Doing Business in Singapore: 11 Things International Firms Need to Know


Square mile for square mile, Singapore is the most important wholly independent jurisdiction in Asia. (Hong Kong would quibble, but its association with China renders spurious comparisons with true nation-states.)

Singapore owes its origins to its incomparable strategic position along the Singapore Strait, the choke point of the larger Straits of Malacca region. It’s one of the world’s great shipping ports, host or witness to a significant fraction of total global shipping volumes; only Shanghai sees more container traffic.

Shipping is just one facet of the story of Singapore’s economic miracle, of course. The nation-state is a renowned center for global finance, as well as the home office domicile for a disproportionate number of Asia’s largest businesses (not to mention global conglomerates’ Asian subsidiaries). Amid the growing uncertainty of a multipolar world, Singapore remains a rock: politically stable, economically vital, culturally polyglot (and peaceably so).

It’s no wonder so many growing global businesses seek to establish footholds in Singapore. If you aim to make inroads of your own, you’ll want to keep these 11 things in mind.

  1. Local Business Etiquette Is More or Less Western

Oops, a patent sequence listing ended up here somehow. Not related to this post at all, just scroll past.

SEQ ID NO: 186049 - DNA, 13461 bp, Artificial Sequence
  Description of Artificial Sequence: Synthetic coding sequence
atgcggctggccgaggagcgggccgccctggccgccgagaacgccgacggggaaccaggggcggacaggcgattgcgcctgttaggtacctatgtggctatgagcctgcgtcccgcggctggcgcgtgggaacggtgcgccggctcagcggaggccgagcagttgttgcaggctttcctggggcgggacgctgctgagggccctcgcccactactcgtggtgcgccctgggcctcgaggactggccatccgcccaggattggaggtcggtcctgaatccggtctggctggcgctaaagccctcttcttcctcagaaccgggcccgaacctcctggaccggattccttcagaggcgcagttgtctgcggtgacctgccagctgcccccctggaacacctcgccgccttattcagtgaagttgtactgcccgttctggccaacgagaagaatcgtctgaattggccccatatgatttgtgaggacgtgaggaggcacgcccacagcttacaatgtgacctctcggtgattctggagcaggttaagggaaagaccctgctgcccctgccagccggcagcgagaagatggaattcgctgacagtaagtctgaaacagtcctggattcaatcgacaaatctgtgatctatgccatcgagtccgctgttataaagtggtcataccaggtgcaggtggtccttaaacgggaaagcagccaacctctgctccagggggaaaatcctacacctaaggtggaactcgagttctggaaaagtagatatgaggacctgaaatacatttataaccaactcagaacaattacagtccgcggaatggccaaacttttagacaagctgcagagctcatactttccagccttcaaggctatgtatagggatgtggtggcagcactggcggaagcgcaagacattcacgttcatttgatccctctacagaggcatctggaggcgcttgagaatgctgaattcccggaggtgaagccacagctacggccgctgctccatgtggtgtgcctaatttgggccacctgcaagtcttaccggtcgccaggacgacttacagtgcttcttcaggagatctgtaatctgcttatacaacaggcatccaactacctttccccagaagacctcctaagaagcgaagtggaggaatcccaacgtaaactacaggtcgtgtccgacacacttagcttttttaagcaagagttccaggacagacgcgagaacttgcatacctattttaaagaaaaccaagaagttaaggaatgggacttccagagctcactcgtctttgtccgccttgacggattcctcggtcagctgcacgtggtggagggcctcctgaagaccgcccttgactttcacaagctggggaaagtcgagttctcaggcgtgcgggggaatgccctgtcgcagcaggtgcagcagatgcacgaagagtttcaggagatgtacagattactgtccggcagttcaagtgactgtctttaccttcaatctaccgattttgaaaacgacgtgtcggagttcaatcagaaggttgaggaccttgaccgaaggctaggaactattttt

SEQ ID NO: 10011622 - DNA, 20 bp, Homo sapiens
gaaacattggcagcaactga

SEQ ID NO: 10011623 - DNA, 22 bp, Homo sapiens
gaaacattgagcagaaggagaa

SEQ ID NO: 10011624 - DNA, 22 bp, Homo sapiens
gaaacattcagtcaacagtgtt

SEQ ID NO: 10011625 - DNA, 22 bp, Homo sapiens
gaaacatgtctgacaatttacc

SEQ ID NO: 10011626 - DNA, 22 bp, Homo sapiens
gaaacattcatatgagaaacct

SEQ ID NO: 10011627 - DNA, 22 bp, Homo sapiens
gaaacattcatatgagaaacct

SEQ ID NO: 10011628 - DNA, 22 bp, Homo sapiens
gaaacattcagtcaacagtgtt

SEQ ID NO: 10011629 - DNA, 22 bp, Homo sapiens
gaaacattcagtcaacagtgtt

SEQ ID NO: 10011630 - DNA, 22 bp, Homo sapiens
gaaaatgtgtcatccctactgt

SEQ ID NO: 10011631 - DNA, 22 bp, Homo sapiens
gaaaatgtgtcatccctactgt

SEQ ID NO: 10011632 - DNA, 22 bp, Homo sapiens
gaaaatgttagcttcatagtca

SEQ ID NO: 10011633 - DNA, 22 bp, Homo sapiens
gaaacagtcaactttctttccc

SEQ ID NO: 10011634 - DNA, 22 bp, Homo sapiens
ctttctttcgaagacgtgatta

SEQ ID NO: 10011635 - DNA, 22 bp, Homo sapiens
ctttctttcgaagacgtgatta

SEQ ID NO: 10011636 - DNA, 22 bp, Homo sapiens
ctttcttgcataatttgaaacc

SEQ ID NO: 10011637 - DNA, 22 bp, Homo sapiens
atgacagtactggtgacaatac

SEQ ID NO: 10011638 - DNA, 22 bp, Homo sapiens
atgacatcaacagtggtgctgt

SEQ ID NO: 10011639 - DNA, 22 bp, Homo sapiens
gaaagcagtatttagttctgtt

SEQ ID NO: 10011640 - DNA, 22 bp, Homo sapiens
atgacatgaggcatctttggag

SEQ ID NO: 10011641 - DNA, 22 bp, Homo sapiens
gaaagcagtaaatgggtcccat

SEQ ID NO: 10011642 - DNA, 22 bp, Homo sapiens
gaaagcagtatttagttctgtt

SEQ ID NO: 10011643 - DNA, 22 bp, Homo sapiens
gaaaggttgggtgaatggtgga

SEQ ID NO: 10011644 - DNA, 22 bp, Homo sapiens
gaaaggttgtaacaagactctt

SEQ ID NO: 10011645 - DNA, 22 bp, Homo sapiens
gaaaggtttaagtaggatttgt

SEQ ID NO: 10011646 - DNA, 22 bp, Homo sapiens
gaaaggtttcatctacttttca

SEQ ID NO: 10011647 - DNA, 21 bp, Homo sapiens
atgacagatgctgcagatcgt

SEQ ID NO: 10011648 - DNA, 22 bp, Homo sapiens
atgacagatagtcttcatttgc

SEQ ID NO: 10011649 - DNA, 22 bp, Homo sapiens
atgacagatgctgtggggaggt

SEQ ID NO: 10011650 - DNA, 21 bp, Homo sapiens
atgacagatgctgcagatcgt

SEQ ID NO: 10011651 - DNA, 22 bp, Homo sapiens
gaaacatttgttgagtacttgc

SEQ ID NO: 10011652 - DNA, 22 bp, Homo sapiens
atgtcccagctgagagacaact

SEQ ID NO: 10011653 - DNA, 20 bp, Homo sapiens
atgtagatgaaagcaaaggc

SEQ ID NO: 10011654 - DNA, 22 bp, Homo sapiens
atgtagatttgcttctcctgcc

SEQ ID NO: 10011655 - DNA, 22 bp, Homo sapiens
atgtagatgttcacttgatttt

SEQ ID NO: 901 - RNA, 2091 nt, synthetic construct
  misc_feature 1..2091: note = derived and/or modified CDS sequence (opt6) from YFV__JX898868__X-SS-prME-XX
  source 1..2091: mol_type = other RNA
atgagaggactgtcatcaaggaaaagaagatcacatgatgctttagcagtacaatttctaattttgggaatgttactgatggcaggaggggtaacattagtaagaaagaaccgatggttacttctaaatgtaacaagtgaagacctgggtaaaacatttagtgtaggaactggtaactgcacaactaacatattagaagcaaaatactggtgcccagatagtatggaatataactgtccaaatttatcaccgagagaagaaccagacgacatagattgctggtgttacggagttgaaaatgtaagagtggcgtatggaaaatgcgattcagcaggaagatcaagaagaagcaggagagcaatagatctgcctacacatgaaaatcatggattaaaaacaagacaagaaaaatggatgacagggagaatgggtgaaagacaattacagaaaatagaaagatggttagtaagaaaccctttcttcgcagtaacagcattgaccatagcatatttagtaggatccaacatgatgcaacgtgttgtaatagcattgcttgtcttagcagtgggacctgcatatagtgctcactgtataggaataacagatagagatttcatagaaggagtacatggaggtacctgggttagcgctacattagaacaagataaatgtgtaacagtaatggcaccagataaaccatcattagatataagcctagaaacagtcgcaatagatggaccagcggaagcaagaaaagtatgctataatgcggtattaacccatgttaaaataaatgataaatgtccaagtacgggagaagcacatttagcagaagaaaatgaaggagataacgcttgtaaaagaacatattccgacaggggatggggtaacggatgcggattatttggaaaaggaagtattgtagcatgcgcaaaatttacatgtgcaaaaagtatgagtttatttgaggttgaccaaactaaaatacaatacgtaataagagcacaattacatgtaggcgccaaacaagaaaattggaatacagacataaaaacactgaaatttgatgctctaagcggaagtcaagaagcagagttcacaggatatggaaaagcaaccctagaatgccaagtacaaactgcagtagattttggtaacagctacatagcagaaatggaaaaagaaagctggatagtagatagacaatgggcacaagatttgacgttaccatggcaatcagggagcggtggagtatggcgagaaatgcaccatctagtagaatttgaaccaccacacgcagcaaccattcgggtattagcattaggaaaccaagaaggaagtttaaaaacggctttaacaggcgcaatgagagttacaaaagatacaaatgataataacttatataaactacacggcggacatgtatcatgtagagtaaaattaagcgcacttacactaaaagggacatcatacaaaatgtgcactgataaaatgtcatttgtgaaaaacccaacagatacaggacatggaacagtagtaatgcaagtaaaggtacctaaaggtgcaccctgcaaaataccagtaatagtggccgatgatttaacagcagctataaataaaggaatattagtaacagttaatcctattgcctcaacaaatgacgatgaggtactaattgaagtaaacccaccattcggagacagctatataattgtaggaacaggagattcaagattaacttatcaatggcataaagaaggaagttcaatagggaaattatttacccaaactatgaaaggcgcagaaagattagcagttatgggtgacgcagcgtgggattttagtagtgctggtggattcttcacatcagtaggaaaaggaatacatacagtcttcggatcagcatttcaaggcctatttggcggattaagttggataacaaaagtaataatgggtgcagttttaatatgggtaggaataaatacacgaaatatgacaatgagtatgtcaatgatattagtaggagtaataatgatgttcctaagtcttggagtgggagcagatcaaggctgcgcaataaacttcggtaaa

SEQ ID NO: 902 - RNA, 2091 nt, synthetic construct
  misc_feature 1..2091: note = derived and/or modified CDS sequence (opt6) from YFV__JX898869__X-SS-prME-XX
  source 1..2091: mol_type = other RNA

Singapore is a remarkably diverse country. For international visitors, though, business etiquette is recognizably Western.

For starters, business is usually conducted in English rather than the local dialect or other Asian languages, such as Mandarin. A few vernacular words of greeting may endear you to your non-Western contacts, but you needn’t be fluent.

When greeting your contacts, handshakes and smiles are sufficient. Ethnic Malay interlocutors may add a customary palm-to-chest touch

at the finish, but this isn’t expected of non-locals. No bowing is required.

When meeting contacts for the first time, present and receive business cards with two hands. Take a moment to read each card you receive before placing it in a pocket or case. Greeting order generally follows seniority, with the most senior member of your contact delegation addressed first.

  1. You’ll Almost Certainly Have Competitors on the Ground Here